HIROSHIMA -- The city of Hiroshima was covered with snow on New Year's Day in 2015.
"In the past, I would rush to the Atomic Bomb Dome and draw a picture, but ..." says Hiroshi Hara, his words trailing off. The 83-year-old stayed at home in Aki Ward of this atomic-bombed city that day.
"My physical strength -- no, my spirit has declined lately, though I love the dome," he says. Hara has drawn 3,345 pictures of the Atomic Bomb Dome some 160 meters northwest of ground zero over the past 31 years. Since November last year, he has drawn only one at the request of a local broadcaster.
Whenever he arrives at the dome, he goes down the embankment to the nearby river and puts some water from the river into a container and uses it to dissolve his paint. In recent years, however, it has become difficult for him to go up and down the embankment. He feels his physical strength has weakened and finds it tough to go up the bank in cold days.
He was 13 years old when an atomic bomb was dropped on Hiroshima on Aug. 6, 1945. He still cannot forget a river scene he saw from a bridge the day after he went into the city.
"The bodies of people were flowing as if they were piling up on others. The stomachs of the bodies of both men and women were swollen," he recalls.
Whenever he draws a painting of the atomic-bombed city, Hara tells the spirits of the victims, "Let me use the precious water of life."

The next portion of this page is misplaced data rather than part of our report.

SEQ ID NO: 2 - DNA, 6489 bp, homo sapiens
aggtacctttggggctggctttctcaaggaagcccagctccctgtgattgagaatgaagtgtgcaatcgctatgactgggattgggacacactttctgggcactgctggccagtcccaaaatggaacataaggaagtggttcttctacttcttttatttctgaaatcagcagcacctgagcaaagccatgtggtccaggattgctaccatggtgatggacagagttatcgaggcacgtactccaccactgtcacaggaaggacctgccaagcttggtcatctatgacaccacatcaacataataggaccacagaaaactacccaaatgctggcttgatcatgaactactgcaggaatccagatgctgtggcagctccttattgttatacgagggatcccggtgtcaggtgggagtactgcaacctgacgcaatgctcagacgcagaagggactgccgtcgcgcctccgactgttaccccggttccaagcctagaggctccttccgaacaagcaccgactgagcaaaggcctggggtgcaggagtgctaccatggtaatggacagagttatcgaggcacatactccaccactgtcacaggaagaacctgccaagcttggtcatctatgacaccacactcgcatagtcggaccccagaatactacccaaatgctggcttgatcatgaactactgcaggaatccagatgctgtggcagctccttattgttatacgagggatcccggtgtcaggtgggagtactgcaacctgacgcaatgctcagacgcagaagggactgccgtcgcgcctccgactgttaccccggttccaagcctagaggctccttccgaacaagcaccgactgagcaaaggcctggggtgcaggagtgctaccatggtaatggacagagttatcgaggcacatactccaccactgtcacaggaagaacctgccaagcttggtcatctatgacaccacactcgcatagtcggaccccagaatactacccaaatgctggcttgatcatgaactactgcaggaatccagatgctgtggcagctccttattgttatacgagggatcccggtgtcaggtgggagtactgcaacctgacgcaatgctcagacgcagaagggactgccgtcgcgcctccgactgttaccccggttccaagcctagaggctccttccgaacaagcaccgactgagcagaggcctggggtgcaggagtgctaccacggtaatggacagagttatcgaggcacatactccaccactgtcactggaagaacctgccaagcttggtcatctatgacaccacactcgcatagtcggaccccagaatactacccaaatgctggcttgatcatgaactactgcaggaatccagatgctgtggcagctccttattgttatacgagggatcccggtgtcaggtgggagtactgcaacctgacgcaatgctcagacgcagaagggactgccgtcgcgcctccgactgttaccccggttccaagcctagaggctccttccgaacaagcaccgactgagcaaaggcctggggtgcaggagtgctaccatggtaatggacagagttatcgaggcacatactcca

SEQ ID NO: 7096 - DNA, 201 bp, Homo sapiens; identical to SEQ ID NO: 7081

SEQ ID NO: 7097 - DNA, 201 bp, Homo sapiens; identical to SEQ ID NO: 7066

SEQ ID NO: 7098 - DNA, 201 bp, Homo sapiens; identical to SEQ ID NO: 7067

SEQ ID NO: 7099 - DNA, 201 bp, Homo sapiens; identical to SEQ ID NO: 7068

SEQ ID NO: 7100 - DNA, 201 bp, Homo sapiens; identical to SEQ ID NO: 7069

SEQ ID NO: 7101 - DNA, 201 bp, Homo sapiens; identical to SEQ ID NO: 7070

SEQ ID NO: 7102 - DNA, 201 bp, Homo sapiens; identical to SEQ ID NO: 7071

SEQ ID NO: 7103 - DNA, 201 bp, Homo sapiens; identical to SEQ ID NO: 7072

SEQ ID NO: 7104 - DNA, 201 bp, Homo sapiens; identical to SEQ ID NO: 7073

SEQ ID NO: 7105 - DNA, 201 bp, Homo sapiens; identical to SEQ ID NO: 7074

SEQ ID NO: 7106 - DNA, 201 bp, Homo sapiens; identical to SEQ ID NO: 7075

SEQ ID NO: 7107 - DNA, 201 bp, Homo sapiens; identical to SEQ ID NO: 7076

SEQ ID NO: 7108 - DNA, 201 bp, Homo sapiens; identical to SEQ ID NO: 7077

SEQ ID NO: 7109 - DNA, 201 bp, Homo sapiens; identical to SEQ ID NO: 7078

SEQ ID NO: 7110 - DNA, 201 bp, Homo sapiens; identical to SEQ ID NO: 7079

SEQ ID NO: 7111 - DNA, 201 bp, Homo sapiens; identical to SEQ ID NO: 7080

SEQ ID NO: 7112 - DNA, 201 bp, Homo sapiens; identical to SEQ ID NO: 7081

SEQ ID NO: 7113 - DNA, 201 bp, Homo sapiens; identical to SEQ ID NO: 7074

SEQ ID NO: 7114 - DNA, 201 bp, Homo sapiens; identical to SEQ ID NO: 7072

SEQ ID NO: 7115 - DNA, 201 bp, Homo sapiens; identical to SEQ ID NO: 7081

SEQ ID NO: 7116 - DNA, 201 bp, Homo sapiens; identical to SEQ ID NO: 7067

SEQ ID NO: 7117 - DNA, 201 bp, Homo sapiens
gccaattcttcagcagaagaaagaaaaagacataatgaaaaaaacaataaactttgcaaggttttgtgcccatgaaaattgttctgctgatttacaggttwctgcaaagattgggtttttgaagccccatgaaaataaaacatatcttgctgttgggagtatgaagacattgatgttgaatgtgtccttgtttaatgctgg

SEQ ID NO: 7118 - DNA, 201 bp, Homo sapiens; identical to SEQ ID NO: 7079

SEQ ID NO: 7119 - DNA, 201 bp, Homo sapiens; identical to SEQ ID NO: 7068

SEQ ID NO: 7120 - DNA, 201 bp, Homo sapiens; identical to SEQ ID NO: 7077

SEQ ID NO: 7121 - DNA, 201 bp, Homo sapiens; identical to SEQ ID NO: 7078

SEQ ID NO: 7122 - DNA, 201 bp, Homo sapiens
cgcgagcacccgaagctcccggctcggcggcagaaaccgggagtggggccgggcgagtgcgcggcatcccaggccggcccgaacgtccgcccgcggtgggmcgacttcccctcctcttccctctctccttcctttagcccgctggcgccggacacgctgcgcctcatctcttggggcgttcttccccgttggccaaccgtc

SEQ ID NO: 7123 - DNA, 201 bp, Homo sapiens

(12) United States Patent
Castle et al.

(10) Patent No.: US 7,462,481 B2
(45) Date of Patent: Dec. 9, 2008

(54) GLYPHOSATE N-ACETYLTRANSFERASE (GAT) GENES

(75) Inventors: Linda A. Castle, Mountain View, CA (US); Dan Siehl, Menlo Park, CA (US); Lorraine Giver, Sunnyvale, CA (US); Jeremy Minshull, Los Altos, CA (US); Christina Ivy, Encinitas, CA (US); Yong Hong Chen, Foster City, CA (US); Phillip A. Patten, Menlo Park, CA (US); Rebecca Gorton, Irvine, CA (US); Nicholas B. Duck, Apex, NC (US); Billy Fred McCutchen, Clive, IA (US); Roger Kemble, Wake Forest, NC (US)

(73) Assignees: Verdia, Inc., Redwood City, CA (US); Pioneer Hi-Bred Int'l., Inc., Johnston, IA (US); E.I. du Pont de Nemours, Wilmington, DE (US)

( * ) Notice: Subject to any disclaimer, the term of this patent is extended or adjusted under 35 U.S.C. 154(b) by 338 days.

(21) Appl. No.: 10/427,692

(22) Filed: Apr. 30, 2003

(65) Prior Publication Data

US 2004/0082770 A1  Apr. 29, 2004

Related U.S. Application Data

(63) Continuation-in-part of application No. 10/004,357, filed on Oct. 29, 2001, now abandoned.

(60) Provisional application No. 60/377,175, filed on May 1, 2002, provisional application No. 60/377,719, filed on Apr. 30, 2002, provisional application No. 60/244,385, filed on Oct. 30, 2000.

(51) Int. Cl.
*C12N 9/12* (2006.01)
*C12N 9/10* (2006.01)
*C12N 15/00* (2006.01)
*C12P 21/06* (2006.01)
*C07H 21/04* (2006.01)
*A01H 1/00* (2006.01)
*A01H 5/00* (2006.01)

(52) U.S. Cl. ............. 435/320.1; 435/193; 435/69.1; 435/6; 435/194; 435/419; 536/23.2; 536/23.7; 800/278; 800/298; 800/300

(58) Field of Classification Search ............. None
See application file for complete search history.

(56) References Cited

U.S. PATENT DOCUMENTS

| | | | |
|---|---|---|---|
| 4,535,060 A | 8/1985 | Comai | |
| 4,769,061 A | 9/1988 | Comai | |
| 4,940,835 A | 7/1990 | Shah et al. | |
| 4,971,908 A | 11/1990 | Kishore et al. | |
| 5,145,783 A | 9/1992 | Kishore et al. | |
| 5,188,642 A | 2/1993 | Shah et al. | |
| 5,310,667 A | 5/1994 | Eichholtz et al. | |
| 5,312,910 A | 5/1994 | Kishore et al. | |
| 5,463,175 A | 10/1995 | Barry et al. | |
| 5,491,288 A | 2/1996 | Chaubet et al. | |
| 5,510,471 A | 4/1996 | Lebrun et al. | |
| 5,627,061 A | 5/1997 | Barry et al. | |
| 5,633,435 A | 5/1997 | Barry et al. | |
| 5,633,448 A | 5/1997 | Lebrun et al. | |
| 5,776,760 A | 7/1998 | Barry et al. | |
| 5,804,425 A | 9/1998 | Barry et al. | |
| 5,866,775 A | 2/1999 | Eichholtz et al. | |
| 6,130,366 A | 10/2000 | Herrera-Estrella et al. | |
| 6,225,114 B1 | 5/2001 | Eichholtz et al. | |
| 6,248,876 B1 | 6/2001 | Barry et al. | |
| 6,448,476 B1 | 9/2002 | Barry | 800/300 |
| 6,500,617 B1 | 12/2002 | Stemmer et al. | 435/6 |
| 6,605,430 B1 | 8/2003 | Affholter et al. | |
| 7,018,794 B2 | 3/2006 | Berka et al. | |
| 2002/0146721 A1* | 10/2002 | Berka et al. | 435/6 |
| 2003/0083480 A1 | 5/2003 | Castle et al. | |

Despite his weakening spirit, Hara has not lost enthusiasm about drawing pictures. In mid-January, he posted a postcard on the door to his house with a painting of a round leaf holly with bright-red berries.
"I must lift my spirit," he says, trying to cheer himself up. "In spring, I'd like to resume my activities. I can't wait for the cherry blossoms to bloom."
This year marks not only the 70th anniversary of the atomic bombing but also the centennial of the completion of the building as the Hiroshima Prefectural Commercial Exhibition.
Hara remembers that the building was a modern Western-style structure before the atomic bomb was dropped on the city. He has also witnessed the building as a symbol of the atomic-bombed city in the postwar period although it was reduced to ruins.
The dome is now surrounded by steel scaffolding for a survey to see how far it has degraded, but the work is aimed at preserving the heritage for future generations.
"The dome says nothing. Still, it has firmly called for nuclear disarmament," Hara says. "By drawing pictures of the dome, I'm determined to convey what I saw, heard and felt in the war to children. This is my mission as someone who has been allowed to survive although I was exposed to radiation."
Hara is glad that his five grandchildren have asked him to draw pictures until he turns 100. Therefore, he will never abandon drawing pictures in the near future. (By Takehiko Onishi, Hiroshima Bureau)